static ImplicatedType result;
        resultingSet=&result;
        // do something to generate resultingSet...
    }
    return resultingSet;
}

If you are in a multithreading situation, you also need a static mutex an lock it before if(init), unlocking at return.

share|improve this answer
    
I can write a structor for ImplicatedType that makes it at one shot. I'm worried about multi-threading. If I have to wrap the code in a mutex lock/unlock, threading will make my code extremely slower than non-threaded code. I'm supposed to write a library for an ARM Cortex 2 core processor, and don't want to ignore benefits of threading (if possible) –  sorush-r Jul 14 '12 at 20:07
    
The lock in the uncontended case is an atomic increment and fetch which is not slow. It would be difficult to contrive a case where the performance difference is significant. –  Andrew Tomazos Jul 14 '12 at 20:10
    
@sorush-r: That's a "false problem": if the compiler adhere to the new standard, it locks before initialize a static. So if you lock again inside, no "performance penalty" will be added. (it happens only once) If the compiler doesn't, you HAVE-TO lock, and obtain the same performance as above. –  Emilio Garavaglia Jul 14 '12 at 20:13
    
@AndrewTomazos-Fathomling that's not the point I mentioned. The code is going to generate a separate thread for each Rule<T,N,X>. (The Rule is not important here) for a simple FIS, there will be say 12 threads. each thread have to implicate say 4 membership functions. If implication is a mutal process, context switching time + implication time will exceed the time needed to linearly implicate all rules. –  sorush-r Jul 14 '12 at 20:18

This is a commonly used idiom for singletons:

class CMyClass {};

CMyClass& MyClass() {
  static CMyClass mclass;
  return mclass;
}

CMyClass will be constructed on first MyClass() function call.

it looks quite like your code, with the exception for pointer which will cause problems with destroying such crated instance. If you dont want to use shared_ptr here, then consider writing your own shared_ptr like template, then it should work fine.

[edit] if this code is going to be used in multithreaded environment, then using smart pointer here will be tricky

share|improve this answer
    
It will be used in many pthreads. I can't see why this solution is problematic! –  sorush-r Jul 14 '12 at 19:46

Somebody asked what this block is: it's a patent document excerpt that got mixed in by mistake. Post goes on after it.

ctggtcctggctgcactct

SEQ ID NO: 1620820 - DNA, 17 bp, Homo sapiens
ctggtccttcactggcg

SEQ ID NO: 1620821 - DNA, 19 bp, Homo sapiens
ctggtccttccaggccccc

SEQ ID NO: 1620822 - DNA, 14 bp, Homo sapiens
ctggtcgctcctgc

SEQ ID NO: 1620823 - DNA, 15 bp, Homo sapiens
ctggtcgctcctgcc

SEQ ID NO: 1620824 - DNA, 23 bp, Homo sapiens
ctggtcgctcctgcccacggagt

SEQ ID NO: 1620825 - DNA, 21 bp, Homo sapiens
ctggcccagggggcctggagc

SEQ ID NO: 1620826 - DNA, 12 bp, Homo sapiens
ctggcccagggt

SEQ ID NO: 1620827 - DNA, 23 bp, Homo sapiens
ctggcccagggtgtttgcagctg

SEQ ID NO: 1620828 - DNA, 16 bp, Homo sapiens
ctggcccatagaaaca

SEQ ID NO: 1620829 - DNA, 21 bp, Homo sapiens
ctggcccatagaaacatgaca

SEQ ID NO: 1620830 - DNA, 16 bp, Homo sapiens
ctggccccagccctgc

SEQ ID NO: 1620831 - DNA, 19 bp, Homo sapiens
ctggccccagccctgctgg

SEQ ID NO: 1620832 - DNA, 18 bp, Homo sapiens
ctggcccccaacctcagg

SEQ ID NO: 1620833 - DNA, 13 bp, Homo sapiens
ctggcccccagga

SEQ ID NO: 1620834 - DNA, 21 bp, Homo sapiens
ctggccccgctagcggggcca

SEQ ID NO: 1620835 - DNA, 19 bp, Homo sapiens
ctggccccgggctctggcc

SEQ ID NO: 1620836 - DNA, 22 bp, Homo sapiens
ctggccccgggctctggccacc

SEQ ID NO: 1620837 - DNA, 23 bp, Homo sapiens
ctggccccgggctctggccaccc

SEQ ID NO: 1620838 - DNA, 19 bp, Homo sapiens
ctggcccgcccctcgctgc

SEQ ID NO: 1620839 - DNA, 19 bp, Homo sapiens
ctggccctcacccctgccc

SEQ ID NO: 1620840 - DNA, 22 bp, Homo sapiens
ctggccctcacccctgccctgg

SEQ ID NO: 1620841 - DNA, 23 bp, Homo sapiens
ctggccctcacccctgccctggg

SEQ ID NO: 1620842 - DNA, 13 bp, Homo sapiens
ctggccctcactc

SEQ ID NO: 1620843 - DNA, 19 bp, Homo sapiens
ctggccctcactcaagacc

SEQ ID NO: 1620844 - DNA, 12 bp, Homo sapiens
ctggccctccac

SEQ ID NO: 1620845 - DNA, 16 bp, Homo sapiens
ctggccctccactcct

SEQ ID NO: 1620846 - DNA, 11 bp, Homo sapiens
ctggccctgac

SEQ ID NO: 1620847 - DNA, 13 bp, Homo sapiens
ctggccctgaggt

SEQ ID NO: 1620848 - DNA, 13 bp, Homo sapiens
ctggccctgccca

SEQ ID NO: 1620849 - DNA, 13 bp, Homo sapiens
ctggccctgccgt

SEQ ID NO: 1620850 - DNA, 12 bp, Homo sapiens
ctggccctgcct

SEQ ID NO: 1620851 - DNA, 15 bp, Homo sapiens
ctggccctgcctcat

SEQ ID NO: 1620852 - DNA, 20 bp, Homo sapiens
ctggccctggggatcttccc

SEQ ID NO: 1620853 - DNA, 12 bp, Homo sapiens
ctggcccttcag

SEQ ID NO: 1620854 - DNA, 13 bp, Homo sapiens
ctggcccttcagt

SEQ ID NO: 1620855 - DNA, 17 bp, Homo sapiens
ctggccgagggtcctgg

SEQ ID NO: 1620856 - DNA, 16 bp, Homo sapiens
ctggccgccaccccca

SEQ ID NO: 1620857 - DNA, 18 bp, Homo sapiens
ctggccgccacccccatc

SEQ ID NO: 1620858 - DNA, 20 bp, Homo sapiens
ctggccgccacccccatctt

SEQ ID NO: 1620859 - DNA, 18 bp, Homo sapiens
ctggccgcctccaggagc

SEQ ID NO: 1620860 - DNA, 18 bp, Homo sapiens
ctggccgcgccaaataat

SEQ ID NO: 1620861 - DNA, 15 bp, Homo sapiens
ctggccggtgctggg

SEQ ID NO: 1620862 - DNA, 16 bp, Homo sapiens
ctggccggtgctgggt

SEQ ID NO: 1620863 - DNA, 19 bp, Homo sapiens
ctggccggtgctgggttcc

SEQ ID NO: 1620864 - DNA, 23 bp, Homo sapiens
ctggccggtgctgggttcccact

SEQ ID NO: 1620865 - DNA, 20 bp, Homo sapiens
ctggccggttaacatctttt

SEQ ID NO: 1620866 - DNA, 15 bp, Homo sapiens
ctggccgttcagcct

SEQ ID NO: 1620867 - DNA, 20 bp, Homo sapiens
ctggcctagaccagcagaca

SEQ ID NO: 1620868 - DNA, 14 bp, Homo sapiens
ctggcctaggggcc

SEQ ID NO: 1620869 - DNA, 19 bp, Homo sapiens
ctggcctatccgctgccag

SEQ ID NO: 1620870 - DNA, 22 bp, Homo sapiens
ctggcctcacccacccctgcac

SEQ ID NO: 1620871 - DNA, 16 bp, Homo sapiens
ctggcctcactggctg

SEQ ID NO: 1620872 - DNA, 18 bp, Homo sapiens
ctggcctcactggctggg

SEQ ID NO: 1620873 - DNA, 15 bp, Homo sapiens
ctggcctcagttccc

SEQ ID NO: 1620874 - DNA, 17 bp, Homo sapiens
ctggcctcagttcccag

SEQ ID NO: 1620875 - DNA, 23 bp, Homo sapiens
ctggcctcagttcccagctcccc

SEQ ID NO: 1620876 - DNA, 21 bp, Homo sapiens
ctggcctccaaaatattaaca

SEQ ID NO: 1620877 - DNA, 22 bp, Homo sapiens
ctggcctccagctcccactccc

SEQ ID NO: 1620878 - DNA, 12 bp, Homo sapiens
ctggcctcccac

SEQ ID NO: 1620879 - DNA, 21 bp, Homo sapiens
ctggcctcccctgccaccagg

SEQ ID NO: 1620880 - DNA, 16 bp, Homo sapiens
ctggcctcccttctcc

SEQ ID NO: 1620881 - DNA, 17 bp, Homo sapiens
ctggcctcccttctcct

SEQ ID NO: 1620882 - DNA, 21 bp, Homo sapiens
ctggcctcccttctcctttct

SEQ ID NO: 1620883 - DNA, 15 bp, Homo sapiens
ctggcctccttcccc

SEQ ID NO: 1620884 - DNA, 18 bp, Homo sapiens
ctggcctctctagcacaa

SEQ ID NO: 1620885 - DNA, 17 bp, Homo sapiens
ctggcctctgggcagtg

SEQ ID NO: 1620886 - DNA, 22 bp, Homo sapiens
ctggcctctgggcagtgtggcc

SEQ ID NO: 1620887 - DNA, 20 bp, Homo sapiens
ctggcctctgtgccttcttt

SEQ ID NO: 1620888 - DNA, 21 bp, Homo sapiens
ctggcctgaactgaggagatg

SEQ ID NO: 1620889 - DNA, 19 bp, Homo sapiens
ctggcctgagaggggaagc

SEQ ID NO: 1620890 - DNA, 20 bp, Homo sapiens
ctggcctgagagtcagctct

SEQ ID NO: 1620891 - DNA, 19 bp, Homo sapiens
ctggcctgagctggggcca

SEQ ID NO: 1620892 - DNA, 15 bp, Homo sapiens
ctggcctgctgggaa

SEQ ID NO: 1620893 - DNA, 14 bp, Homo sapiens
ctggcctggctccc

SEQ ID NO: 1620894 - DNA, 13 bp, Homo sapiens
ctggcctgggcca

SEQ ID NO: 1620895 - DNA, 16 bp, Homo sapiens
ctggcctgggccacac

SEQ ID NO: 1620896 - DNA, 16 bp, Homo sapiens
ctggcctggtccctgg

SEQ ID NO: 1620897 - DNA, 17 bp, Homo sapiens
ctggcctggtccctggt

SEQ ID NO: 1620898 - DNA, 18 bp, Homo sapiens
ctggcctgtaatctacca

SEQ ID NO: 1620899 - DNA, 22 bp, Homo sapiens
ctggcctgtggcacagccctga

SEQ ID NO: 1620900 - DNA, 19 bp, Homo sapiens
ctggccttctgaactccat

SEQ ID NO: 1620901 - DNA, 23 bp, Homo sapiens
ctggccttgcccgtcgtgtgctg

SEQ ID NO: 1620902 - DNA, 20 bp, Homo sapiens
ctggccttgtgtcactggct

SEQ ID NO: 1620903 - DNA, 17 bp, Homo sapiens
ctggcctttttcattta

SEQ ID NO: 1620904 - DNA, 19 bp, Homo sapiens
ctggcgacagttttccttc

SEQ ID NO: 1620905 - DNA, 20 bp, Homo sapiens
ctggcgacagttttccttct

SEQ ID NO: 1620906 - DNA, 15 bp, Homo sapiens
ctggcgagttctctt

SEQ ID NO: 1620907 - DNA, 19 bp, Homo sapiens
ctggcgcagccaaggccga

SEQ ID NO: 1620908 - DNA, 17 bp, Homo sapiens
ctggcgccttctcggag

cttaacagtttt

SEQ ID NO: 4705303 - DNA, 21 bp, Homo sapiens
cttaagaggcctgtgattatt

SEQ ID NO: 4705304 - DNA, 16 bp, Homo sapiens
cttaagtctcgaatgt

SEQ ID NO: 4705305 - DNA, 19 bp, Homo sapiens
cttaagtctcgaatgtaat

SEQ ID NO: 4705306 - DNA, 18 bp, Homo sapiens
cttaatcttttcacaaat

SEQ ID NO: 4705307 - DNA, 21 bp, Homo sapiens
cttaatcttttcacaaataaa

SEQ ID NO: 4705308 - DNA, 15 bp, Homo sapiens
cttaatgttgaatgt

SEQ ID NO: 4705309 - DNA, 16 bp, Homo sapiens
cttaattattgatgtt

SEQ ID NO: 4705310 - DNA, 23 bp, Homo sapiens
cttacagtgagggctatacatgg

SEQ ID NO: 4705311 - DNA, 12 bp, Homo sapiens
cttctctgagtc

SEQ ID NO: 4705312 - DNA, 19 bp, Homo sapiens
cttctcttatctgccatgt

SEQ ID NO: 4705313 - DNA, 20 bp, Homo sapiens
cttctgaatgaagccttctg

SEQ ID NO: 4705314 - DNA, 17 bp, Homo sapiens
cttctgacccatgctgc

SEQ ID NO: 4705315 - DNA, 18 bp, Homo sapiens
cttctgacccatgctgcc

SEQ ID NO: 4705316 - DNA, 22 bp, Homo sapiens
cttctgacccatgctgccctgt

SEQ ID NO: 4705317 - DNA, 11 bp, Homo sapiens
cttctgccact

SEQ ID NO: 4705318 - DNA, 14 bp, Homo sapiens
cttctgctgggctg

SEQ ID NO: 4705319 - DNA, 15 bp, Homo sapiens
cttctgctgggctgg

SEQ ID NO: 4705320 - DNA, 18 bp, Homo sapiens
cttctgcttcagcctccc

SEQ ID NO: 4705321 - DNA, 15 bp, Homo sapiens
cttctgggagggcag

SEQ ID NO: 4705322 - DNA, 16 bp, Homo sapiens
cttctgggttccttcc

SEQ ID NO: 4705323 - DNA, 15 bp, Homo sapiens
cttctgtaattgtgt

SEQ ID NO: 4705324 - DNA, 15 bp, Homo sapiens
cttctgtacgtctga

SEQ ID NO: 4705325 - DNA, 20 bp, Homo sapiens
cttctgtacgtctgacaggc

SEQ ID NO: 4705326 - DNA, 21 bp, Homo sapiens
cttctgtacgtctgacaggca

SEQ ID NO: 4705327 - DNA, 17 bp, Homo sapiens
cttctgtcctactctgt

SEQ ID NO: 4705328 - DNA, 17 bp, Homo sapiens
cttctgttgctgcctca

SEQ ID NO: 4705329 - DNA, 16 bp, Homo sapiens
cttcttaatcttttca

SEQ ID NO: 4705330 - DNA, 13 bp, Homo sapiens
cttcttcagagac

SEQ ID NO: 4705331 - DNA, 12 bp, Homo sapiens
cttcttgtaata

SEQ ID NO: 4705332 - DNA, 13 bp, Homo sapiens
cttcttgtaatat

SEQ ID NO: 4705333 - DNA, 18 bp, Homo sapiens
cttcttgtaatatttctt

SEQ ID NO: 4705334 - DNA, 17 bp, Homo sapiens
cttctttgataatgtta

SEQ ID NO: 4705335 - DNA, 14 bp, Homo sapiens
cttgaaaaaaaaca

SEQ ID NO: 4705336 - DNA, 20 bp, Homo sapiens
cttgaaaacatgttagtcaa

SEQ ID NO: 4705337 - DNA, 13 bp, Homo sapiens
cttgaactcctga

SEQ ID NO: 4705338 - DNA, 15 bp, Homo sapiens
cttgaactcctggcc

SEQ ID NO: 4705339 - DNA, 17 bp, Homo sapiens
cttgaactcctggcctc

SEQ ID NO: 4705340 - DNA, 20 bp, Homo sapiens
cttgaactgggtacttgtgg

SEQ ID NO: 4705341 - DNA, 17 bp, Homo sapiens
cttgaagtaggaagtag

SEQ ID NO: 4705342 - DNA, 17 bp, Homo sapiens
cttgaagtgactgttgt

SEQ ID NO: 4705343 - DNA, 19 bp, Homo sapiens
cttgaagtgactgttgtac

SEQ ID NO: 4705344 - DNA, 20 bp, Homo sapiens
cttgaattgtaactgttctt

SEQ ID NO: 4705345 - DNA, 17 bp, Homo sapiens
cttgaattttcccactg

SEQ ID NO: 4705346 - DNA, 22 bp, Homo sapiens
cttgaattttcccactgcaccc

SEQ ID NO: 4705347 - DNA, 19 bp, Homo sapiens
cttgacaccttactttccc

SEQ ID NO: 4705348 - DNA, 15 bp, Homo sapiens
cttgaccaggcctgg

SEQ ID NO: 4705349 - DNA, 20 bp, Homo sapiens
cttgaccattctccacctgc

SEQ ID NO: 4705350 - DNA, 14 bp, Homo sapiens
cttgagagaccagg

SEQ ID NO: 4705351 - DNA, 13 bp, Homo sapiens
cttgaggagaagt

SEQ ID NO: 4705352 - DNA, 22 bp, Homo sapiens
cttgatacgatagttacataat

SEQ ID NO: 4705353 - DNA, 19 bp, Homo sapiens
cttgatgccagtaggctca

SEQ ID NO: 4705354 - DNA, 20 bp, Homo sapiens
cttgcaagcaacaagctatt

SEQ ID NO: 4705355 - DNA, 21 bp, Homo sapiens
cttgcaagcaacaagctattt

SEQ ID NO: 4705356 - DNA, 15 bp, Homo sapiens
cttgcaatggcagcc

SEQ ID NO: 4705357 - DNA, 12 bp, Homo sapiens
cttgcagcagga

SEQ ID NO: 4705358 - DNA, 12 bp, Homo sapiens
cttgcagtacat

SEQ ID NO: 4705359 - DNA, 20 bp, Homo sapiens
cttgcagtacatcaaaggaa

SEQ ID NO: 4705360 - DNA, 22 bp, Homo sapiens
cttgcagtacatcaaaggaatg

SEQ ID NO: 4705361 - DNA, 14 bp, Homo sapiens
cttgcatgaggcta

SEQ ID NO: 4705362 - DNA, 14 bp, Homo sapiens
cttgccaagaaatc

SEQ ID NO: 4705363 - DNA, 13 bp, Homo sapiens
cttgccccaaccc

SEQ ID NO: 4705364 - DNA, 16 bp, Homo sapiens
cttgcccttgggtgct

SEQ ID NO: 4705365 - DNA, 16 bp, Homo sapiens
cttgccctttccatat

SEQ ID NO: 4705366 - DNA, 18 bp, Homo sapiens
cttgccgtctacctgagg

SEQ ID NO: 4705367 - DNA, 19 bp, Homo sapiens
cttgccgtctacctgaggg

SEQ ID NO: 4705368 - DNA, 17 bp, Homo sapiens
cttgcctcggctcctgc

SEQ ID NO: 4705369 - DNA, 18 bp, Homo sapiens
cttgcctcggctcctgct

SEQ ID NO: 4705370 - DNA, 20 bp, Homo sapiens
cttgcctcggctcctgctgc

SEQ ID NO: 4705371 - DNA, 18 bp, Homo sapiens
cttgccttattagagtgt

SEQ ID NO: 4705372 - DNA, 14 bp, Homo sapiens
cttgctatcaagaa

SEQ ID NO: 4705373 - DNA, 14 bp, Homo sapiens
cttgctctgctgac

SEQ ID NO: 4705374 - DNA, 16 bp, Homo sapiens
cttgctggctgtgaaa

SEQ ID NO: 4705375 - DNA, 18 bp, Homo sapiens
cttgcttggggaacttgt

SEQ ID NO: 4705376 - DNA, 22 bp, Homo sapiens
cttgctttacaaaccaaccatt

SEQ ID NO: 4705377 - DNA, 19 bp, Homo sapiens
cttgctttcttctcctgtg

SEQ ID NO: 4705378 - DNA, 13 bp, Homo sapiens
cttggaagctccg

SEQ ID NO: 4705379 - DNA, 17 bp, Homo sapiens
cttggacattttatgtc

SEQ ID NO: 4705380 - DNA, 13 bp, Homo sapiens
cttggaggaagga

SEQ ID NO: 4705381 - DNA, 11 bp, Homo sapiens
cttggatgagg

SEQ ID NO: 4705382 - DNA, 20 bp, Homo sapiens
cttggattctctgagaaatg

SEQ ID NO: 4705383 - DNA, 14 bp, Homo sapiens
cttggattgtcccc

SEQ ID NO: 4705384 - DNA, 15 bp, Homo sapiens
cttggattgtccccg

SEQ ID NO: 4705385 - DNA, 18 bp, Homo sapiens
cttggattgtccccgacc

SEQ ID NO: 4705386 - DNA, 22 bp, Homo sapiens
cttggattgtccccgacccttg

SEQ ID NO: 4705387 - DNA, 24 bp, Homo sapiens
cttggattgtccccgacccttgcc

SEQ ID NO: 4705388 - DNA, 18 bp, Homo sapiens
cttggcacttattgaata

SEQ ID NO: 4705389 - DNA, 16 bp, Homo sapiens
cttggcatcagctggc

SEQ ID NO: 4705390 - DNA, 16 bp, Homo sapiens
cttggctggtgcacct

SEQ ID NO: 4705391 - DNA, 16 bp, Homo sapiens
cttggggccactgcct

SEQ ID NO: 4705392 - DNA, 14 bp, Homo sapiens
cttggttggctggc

3  
Before C++11 the language makes no guarantee that the "initialise if not yet initialised" logic is thread safe. –  Alan Stokes Jul 14 '12 at 19:51
2  
Although it has only recently become required by the standard, in practice automatic locking of local static variable initialization has been implemented for many, many years. All of the commonly used compilers (even old versions) do it. –  Andrew Tomazos Jul 14 '12 at 19:55
1  
    
@AndrewTomazos-Fathomling: Good point. Many times we "defend" ourselves from something we are already defended by. –  Emilio Garavaglia Jul 14 '12 at 20:15

You can use this technique, but return a reference. The caller can take the address of the result if they need a pointer to store.

template <typename T>
ImplicatedMembershipFunction<T> &
TriangularMF<T>::minImplicate(const T &constantSet) const
{
    static ImplicatedType* resultingSet = new ImplicatedType();
    // do something to generate resultingSet...
    return *resultingSet;
}

But, the danger of the code is that it is not inherently MT-safe. But if you know the code inside minImplicate is thread safe, or your code is single threaded, there are no issues.

share|improve this answer
    
Who destroys the new object? –  Emilio Garavaglia Jul 14 '12 at 19:51
    
@EmilioGaravaglia: In this case, no one. The memory is reaped when the program ends. –  jxh Jul 14 '12 at 20:15
    
That's the point: the memory is reaped, but the object destructor is not called. Suppose it has to flush something ... –  Emilio Garavaglia Jul 14 '12 at 20:48
    
@EmilioGaravaglia: That's only important if the destructors have something to do. I +1'd your post already for making this point. But, making sure destructors get called at shutdown is really not that important if the they don't do anything useful, and is just more code to debug if static object instances are interdependent. –  jxh Jul 14 '12 at 21:57